The Traditional Courts Bill was finalised by the Portfolio Committee on Justice and Correctional Services on 6 March 2019, and will be voted on by the National Assembly on 12 March 2019.
The version of the Bill sent to the National Assembly includes several amendments that were, for the most part, proposed by the Committee itself and endorsed in further consultations with traditional leaders. The Committee removed the opt-out clause that South African citizens have been demanding since the Bill was first introduced in 2008. Once a dispute is taken before a traditional court, it must go through all levels of the traditional court system – headman/headwoman, senior traditional leader, and king/queen – before it can be taken on appeal to a magistrate’s court. The Committee has also said that traditional courts will be courts of law and, as with the 2008 bill, be “presided over” by traditional leaders. With its explicit link to the Traditional Leadership and Governance Framework Act of 2003, the TCB keeps alive the boundaries and jurisdictions of the former Bantustans. The new changes to the bill therefore raise concerns that people living in the former homelands will again be forced into a separate justice system, where they are treated differently to other rights-bearing citizens in the rest of South Africa.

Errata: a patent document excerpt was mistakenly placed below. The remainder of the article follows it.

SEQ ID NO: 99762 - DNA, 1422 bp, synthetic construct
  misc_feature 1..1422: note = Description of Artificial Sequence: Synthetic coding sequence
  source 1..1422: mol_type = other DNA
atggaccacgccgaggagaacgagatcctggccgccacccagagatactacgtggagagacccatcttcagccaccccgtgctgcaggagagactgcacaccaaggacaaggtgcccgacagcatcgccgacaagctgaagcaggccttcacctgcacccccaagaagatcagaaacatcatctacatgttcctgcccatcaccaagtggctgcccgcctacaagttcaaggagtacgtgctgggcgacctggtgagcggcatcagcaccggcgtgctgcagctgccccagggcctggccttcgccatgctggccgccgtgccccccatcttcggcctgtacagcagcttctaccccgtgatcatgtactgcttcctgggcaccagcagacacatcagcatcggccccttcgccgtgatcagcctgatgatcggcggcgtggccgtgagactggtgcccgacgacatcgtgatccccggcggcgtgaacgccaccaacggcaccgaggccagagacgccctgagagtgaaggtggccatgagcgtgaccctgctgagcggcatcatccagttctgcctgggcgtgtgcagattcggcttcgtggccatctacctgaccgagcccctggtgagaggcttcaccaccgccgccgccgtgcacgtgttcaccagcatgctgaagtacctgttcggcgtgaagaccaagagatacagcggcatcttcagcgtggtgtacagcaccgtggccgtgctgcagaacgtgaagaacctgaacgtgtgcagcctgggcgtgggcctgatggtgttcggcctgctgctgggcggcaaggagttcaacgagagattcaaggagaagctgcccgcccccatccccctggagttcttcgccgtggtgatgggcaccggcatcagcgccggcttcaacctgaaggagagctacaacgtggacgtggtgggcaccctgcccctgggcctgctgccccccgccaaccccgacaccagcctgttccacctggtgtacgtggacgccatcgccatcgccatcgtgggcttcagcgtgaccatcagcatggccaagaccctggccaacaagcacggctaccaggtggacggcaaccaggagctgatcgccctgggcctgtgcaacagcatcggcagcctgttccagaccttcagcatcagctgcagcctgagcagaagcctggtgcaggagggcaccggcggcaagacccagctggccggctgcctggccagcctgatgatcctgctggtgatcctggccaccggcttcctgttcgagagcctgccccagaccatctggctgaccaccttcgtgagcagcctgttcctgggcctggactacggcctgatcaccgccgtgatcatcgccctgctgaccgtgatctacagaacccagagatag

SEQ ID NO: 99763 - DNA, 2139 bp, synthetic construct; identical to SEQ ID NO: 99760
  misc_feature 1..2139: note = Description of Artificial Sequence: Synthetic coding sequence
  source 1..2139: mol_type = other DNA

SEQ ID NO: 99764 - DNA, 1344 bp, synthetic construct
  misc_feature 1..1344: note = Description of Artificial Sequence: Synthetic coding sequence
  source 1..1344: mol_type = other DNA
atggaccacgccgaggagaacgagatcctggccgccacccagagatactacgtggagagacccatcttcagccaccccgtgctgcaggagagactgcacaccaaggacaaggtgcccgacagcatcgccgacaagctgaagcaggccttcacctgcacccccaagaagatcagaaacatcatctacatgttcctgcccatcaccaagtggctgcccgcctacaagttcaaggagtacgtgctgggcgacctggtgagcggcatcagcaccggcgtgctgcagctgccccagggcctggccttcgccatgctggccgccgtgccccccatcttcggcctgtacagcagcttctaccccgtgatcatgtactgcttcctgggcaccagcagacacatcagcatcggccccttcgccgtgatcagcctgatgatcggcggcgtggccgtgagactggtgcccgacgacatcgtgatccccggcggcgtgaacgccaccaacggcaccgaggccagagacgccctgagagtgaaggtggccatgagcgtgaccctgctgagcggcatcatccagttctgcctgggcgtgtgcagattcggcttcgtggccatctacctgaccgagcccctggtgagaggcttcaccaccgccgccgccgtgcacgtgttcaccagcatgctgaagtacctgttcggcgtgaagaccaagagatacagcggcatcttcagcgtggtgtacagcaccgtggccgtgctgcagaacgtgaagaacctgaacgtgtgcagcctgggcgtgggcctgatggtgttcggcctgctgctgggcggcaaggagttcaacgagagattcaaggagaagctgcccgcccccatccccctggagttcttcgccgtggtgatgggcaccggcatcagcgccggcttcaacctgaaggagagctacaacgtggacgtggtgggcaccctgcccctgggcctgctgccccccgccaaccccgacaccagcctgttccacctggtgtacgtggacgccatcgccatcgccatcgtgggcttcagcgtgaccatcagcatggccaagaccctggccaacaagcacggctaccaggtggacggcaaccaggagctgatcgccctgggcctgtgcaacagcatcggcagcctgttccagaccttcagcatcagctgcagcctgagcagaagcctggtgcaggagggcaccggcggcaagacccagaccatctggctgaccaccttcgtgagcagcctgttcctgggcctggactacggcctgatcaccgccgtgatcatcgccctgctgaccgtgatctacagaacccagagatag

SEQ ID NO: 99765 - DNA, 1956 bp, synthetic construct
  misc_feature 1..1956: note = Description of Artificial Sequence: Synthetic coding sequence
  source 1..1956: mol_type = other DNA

Please join the Stop the Bantustans Bill Campaign to stop the TCB from becoming law by signing the petition at https://stopthebantustanbills.org